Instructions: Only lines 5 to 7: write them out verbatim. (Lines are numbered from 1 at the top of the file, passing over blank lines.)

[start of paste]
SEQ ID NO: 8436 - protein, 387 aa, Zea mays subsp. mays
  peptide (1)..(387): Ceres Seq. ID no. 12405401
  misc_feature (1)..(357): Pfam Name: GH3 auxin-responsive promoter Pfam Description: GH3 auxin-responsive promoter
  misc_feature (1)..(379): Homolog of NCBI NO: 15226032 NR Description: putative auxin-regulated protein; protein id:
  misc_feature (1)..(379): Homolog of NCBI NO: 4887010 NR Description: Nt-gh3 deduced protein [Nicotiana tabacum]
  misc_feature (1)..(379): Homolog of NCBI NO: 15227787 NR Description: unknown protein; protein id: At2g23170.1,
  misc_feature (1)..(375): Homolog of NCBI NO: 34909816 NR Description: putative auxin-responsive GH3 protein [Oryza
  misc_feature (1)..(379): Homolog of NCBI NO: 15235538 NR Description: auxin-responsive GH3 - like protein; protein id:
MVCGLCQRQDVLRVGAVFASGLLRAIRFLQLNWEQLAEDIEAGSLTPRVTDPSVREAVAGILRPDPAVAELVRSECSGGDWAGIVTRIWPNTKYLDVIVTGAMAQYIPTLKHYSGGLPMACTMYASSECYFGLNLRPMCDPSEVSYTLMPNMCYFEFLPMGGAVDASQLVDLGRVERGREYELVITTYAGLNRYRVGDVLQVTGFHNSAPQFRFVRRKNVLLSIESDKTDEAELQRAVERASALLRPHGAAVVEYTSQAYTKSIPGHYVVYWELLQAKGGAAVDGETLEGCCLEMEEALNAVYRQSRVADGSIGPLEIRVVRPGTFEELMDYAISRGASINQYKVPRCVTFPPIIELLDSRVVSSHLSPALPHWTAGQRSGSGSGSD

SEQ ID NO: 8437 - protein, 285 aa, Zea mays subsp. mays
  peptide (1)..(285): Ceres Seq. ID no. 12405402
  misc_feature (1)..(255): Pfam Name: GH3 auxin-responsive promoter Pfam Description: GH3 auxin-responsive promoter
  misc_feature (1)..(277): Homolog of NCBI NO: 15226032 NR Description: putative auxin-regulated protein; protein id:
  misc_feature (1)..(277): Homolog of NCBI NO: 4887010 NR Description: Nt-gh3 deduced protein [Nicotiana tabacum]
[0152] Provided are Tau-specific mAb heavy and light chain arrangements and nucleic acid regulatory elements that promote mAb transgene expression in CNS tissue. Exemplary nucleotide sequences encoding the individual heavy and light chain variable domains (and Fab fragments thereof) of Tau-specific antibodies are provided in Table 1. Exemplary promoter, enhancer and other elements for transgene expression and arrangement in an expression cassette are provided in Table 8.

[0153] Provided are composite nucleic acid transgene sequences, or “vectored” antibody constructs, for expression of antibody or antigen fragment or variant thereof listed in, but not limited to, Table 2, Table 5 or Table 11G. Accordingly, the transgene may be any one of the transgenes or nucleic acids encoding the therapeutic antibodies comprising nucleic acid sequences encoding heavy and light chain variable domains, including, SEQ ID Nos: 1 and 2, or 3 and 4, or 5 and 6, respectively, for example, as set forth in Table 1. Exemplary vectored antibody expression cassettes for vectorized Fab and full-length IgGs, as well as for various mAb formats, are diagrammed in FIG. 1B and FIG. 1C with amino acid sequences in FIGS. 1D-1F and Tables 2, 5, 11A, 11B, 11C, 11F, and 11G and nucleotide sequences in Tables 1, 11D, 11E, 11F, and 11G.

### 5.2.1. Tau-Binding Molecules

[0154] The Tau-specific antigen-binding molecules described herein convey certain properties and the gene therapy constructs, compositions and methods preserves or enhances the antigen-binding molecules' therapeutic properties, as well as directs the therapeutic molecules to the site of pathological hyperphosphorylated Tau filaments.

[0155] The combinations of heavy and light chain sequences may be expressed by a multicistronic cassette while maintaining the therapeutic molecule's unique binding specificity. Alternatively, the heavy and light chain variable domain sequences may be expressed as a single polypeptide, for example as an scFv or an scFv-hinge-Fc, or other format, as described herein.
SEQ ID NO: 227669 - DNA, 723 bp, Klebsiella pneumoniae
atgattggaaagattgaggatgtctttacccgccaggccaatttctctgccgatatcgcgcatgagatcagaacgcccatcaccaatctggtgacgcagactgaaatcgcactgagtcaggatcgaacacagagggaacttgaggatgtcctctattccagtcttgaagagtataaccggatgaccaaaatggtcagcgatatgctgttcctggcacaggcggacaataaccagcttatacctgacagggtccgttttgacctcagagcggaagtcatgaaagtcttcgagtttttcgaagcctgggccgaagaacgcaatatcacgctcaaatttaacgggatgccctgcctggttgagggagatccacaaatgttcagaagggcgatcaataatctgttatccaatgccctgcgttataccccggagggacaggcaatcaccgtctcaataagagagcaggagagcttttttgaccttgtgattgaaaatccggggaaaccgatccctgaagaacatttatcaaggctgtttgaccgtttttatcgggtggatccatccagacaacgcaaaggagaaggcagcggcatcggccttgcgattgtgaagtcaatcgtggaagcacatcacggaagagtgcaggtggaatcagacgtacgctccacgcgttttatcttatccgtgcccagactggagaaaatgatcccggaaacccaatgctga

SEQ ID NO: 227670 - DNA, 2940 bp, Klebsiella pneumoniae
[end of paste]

  misc_feature (1)..(379): Homolog of NCBI NO: 4887010 NR Description: Nt-gh3 deduced protein [Nicotiana tabacum]
  misc_feature (1)..(379): Homolog of NCBI NO: 15227787 NR Description: unknown protein; protein id: At2g23170.1,
  misc_feature (1)..(375): Homolog of NCBI NO: 34909816 NR Description: putative auxin-responsive GH3 protein [Oryza